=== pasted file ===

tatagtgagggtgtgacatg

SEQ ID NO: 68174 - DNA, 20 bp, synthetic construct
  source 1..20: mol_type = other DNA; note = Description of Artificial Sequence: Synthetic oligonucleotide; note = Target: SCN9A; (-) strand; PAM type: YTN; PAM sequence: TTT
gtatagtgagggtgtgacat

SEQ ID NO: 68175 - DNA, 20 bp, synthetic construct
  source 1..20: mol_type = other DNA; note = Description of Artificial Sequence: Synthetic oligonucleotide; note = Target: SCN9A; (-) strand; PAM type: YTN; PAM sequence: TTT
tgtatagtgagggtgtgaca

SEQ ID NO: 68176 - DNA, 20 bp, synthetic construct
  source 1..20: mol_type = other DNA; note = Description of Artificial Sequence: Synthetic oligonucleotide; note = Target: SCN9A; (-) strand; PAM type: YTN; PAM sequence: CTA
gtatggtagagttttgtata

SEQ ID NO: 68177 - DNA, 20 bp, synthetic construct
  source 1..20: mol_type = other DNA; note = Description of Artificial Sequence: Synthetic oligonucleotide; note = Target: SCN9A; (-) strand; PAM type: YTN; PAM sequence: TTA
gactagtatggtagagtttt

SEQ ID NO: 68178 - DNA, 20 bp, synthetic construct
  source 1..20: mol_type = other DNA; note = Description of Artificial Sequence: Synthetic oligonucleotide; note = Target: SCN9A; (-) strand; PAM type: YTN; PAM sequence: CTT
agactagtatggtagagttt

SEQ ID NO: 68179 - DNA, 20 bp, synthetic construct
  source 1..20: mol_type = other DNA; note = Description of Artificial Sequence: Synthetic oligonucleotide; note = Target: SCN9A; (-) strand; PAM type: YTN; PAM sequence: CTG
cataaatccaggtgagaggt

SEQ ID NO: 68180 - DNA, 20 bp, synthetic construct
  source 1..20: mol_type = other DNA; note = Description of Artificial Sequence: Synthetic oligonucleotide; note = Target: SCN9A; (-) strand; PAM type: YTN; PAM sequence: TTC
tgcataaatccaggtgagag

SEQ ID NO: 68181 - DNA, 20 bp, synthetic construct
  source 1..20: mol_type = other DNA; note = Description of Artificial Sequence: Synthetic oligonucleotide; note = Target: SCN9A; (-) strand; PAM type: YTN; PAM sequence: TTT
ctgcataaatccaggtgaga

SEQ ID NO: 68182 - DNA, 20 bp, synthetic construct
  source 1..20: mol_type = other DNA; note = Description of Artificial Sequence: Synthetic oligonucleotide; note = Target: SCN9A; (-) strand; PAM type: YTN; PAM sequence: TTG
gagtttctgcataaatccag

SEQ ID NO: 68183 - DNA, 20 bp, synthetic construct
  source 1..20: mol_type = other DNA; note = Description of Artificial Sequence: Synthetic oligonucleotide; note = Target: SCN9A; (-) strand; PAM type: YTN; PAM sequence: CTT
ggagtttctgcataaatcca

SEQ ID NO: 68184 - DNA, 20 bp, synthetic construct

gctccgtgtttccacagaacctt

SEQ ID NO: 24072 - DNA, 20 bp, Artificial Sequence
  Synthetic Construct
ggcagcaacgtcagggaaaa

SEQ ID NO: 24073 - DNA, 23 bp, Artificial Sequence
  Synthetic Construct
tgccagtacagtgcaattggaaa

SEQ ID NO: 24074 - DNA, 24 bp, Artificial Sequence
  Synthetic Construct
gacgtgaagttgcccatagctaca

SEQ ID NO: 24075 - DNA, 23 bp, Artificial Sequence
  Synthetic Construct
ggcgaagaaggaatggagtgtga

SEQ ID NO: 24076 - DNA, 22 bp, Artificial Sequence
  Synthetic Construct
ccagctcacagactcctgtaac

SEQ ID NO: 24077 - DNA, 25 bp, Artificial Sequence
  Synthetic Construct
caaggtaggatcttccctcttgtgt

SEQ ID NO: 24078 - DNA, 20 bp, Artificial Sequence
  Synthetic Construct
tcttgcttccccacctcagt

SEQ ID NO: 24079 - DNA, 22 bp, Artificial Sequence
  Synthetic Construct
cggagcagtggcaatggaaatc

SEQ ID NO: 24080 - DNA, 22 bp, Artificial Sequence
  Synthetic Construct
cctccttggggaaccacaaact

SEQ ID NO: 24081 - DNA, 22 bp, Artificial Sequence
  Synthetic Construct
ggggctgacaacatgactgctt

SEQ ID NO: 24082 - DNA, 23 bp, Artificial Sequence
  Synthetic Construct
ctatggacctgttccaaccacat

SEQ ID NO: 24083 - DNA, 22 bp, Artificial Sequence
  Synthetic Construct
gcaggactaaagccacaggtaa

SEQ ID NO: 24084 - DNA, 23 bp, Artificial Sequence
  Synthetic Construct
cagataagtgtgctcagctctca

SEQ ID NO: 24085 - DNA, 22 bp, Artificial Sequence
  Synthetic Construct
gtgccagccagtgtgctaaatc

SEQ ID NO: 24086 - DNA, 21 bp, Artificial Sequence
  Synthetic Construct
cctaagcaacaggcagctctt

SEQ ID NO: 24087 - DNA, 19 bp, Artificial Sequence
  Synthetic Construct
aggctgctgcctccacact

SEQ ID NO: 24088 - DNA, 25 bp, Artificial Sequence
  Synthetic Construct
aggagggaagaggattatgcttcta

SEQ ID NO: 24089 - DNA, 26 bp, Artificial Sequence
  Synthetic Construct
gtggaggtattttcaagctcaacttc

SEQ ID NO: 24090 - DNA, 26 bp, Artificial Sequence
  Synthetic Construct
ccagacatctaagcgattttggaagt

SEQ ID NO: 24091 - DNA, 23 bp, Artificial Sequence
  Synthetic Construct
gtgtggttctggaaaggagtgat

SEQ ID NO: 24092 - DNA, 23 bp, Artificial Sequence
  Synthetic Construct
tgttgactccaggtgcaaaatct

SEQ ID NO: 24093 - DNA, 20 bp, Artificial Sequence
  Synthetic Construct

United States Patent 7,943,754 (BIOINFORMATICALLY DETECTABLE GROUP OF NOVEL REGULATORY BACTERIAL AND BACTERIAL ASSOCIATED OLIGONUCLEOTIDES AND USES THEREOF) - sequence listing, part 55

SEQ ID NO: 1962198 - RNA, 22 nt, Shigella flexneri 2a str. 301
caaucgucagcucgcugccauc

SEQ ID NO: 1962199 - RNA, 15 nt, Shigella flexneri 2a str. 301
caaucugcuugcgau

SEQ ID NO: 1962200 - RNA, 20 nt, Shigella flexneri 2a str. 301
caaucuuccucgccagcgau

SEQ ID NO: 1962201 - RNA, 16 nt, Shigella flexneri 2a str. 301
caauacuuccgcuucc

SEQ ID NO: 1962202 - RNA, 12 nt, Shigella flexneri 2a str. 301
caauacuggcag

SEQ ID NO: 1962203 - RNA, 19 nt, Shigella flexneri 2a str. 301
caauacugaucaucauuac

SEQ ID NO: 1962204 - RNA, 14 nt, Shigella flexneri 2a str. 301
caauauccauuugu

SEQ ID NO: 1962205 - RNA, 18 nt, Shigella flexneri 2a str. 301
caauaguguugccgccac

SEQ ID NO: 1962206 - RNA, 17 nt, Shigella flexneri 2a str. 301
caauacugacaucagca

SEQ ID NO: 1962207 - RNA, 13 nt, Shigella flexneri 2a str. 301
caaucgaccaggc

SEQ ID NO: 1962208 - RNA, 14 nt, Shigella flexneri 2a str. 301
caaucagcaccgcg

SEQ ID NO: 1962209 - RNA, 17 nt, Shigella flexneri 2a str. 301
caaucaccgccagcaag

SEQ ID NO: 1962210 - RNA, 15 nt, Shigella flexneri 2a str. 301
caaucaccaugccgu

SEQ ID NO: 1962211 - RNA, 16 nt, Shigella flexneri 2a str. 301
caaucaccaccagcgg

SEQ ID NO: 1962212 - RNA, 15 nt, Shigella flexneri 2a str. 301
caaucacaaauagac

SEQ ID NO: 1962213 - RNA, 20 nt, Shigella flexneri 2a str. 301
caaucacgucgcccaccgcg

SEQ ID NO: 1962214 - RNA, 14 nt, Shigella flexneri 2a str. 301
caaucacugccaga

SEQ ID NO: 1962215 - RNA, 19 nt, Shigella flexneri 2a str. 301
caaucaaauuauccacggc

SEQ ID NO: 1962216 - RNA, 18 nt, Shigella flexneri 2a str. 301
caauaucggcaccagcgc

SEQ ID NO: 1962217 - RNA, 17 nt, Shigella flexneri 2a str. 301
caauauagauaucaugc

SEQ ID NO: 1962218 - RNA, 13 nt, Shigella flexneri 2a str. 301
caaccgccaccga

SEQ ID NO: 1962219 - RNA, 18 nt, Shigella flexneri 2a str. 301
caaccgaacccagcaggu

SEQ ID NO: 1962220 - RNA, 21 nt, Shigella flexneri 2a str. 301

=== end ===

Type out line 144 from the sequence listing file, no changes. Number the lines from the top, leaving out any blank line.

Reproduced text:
SEQ ID NO: 1962220 - RNA, 21 nt, Shigella flexneri 2a str. 301